Only 56% of Twitter accounts have ever sent a tweet

There are over 900 million Twitter accounts but not everyone is actually sending tweets:

A report from Twopcharts, a website that monitors Twitter account activity, states that about 44% of the 974 million existing Twitter accounts have never sent a tweet…

Twitter said it has 241 million monthly active users the last three months of 2013. Twitter defines a monthly active user as an account that logs in at least once a month. By Twitter’s standards, a person does not have to tweet to be considered a monthly active user…

But having engaged users–those who are active participants in the online conversation–are particularly valuable to Twitter. For one thing, activity tends to make users more inclined to continue using the service.

Secondly, user tweets, retweets, favorites and other actions help Twitter generate advertising revenue. Over the last year, the company has made it easier for users to do those things and introduced user-friendly features such as pictures into the timeline…

Moreover, the report highlights Twitter’s user retention issue. It estimates 542.1 million accounts have sent at least one tweet since they’ve been created, suggesting that more than half of the accounts in existence have actively tried out the service. But just 23% of those accounts have tweeted sometime in the last 30 days.

And how many of these accounts are fake?

All together, the number of people actively using Twitter – meaning they are tweeting themselves, retweeting, interacting with others – is still limited. If you read a lot of Internet stories from journalists and bloggers, it sounds like lots of people are on Twitter doing important things. But, these users are likely a limited part of the population: more educated, have regular access to smartphones and Internet connections, younger. This doesn’t mean Twitter is worthless but it does suggest it is not exactly representative of Americans.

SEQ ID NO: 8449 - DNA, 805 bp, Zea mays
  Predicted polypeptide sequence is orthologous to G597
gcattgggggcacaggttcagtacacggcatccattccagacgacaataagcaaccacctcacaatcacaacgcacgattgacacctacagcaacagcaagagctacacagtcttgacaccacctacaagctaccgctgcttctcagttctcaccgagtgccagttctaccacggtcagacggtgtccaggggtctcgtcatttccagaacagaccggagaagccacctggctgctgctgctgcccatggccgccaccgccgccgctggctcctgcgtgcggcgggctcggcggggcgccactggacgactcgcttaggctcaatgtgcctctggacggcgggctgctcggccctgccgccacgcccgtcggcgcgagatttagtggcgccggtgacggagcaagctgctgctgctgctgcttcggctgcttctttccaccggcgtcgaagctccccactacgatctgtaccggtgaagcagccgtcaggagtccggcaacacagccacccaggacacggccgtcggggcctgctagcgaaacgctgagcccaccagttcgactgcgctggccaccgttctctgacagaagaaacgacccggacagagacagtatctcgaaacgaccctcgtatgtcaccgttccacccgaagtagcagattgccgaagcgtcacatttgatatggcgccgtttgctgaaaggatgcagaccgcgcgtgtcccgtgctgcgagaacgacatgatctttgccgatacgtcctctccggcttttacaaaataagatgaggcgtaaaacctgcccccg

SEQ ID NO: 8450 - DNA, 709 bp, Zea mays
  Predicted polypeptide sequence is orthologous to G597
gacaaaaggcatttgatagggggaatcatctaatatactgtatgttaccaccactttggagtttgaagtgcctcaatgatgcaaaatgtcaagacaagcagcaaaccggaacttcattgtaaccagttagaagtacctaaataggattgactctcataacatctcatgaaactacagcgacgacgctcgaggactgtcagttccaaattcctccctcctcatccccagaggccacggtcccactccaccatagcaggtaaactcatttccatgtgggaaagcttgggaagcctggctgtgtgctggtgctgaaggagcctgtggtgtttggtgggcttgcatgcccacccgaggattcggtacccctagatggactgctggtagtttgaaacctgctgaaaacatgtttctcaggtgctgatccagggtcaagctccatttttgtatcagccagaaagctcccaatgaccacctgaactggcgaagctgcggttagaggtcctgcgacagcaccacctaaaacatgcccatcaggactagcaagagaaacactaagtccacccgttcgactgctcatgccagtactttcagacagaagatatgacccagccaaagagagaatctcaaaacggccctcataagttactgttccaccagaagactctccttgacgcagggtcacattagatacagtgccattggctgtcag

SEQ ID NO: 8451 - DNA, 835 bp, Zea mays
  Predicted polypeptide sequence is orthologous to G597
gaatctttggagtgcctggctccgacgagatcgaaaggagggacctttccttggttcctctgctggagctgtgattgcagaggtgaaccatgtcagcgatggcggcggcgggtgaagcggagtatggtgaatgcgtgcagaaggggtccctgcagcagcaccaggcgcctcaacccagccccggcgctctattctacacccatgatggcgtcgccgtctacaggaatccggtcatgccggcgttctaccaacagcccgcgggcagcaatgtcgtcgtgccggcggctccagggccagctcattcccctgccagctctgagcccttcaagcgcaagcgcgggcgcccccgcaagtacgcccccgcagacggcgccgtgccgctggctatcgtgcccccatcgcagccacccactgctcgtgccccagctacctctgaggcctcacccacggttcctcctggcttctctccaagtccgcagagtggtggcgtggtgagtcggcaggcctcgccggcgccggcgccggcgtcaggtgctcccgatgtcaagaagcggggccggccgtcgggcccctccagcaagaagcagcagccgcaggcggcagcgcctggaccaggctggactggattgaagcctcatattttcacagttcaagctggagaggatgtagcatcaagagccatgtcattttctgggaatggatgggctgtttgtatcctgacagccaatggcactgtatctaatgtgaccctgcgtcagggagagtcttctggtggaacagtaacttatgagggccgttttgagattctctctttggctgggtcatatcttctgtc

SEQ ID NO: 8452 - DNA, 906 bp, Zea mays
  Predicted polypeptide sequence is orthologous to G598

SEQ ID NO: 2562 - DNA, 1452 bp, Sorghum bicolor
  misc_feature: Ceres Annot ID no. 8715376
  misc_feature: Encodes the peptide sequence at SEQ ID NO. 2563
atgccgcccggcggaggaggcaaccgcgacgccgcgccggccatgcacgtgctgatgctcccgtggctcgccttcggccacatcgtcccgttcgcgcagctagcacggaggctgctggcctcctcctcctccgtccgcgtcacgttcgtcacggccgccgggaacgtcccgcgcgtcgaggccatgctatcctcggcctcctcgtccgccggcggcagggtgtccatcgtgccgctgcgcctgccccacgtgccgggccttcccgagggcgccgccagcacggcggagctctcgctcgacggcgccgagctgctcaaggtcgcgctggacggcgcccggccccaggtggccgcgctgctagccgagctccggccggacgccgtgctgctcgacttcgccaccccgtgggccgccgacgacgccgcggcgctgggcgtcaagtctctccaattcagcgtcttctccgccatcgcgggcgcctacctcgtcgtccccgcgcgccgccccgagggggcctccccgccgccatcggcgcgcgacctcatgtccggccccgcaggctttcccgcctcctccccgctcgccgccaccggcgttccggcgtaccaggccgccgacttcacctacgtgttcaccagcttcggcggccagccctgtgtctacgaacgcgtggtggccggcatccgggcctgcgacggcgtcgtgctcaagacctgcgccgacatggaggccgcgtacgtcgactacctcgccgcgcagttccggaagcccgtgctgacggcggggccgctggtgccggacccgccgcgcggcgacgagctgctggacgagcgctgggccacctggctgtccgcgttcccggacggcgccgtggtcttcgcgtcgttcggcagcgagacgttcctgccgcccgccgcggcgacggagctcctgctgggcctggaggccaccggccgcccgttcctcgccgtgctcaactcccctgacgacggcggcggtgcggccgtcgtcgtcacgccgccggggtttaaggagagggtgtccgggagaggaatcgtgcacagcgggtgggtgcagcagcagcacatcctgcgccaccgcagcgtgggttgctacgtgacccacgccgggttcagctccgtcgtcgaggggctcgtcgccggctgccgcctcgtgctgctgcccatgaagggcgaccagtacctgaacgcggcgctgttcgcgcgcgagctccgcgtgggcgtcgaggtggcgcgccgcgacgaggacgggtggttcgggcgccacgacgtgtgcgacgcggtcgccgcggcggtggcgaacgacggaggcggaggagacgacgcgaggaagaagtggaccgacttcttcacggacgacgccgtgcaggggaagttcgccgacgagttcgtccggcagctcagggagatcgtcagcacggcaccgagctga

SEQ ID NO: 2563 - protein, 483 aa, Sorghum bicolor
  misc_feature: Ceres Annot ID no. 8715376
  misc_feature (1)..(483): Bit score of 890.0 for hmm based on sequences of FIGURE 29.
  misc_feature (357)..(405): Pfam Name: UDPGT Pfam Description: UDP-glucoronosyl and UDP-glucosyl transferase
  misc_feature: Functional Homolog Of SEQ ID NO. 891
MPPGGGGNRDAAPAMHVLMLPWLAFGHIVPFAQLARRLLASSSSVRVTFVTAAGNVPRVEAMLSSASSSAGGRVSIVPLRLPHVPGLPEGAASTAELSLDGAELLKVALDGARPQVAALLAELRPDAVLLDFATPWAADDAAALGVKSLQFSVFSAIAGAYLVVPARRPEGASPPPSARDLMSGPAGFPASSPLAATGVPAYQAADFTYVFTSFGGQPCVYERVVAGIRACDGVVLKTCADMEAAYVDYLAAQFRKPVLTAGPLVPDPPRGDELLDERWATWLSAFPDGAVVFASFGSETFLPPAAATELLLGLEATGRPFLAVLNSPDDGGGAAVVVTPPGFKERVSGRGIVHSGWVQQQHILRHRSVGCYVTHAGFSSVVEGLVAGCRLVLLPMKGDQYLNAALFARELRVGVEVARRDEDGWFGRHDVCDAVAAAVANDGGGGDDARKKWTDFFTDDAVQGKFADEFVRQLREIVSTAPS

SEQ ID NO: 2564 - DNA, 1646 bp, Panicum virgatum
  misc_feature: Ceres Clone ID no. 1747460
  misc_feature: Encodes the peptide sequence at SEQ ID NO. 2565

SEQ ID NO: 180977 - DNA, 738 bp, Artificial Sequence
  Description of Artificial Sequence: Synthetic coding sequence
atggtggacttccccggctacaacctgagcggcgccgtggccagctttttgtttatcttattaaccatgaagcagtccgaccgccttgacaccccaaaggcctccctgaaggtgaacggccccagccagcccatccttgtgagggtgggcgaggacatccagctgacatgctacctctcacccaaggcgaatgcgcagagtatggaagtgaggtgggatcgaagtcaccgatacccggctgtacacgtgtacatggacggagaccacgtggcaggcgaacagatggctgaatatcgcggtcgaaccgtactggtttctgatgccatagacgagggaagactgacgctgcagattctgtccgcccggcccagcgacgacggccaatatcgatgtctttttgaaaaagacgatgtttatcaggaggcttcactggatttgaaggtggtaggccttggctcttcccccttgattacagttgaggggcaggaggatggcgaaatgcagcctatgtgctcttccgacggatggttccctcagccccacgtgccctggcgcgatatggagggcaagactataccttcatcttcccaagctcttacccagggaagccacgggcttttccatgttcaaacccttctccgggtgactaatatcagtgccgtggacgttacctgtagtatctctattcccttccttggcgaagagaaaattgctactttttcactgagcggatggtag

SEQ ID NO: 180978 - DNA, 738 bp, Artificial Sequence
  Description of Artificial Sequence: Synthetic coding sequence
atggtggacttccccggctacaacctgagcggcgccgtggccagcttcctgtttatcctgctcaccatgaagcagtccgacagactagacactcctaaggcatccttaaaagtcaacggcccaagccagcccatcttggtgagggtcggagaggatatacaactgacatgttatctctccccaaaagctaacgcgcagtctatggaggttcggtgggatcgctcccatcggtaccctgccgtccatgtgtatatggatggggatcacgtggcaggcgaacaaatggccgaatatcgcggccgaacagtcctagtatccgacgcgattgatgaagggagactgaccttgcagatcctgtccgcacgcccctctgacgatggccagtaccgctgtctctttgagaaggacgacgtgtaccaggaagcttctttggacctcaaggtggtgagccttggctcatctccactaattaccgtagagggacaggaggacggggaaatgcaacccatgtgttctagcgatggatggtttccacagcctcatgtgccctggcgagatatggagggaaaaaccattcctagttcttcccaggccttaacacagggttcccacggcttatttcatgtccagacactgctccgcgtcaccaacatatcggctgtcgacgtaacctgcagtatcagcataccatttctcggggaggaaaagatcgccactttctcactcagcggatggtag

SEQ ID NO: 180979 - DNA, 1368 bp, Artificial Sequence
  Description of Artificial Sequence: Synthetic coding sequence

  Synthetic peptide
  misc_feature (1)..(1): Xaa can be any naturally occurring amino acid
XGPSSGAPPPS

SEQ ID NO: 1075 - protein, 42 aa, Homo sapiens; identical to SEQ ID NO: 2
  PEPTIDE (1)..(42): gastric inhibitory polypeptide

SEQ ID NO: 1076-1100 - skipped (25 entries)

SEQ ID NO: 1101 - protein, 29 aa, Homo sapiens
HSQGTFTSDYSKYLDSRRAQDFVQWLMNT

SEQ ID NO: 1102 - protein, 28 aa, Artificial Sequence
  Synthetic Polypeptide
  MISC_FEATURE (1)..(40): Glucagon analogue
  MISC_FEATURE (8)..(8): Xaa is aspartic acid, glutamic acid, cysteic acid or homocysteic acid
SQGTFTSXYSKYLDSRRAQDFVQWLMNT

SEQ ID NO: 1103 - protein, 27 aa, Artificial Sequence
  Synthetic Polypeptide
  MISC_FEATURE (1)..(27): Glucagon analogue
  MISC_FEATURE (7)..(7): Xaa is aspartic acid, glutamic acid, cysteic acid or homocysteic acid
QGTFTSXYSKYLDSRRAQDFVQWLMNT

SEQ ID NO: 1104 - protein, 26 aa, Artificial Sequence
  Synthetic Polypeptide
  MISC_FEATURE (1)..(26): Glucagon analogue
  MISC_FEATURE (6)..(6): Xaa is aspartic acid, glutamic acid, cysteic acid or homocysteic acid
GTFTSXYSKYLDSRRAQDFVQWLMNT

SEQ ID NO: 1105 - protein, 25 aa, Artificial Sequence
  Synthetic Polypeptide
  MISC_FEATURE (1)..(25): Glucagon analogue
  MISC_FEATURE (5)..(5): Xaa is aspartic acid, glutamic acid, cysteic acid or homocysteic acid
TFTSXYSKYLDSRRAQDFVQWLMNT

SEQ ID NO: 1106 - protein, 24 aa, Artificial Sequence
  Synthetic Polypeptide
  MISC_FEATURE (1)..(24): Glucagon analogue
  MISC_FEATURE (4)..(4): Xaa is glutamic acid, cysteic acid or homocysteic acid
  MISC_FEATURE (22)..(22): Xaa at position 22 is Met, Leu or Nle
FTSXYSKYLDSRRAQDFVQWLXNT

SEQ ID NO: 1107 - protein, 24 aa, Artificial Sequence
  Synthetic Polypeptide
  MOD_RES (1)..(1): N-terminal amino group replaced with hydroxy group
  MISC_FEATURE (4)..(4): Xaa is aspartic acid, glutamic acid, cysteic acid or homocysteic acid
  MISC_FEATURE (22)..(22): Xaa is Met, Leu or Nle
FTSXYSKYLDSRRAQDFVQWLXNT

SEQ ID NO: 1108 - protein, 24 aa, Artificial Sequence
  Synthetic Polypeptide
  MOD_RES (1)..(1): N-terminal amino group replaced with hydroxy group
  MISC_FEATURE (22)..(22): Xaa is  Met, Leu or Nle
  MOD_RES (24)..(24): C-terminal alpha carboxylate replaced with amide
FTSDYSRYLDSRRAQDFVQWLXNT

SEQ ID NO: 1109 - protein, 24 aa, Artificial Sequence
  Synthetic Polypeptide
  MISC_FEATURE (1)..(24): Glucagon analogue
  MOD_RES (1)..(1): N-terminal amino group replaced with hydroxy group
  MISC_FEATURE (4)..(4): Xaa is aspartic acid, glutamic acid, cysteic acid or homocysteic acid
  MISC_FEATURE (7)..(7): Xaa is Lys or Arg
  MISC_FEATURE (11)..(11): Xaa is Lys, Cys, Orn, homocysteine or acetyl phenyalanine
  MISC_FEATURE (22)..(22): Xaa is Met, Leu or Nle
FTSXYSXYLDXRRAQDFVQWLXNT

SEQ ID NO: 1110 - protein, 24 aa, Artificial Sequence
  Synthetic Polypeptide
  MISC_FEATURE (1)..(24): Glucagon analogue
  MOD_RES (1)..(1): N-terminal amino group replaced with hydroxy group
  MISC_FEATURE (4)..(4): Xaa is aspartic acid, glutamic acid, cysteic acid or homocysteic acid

Talking about Twitter language and what it reveals about the world

It may seem like common sense that people’s regional dialects show up in their online communication. According to a new study that examined “380,000 messages from Twitter during one week in March 2010,” people in California say “coo” for “cool,” southerners still say “y’all,” and New Yorkers are more apt to say “suttin” instead of “something.”

But I think the study does just go beyond common sense in some of its other conclusions:

Eisenstein said some of the online “accents” mirror those in the spoken language, but not all. For example, many people in the Great Lakes region tend to have similar accents when speaking, but that wasn’t necessarily found to be true in the study, he said.

“One thing I think that it shows is that people really have a need to communicate their identity — their cultural identity and their geographic identity in social media,” he said.

This is interesting: how exactly do people portray their identity through their online language? On mediums like Twitter, people make very conscious choices about how to speak. People of different regions and dialects can choose to use their typical speech patterns or not. And why do they make these choices?

A broader question to ask is how much do posts on Twitter represent reality? What sort of picture of the world does Twitter deliver? This study can help us understand what Twitter behavior is like but can it tell us much about the broader world?

Using Twitter as a data source; examining emotions and more

In April, the Library of Congress announced plans to archive all public tweets since the start of Twitter in March 2006. So what might researchers do with this data?

A recent study provides an example. Scholars from Northeastern and Harvard examined the emotions of Americans through their Tweets. By coding certain words as having positive or negative emotional value, researchers were able to map out data. According to New Scientist:

[T]hese “tweets” suggest that the west coast is happier than the east coast, and across the country happiness peaks each Sunday morning, with a trough on Thursday evenings.

The mood map is cool.

While the findings about when people are happy may not be too surprising, the research does bring up the question about the value of Tweets as a data source. Since it is likely skewed to a younger sample and also perhaps a wealthier and more educated group, it is not representative data. But it could provide some insights into reactions to certain events or for seeing the beginning and end of certain trends.

So what else will researchers study using tweets?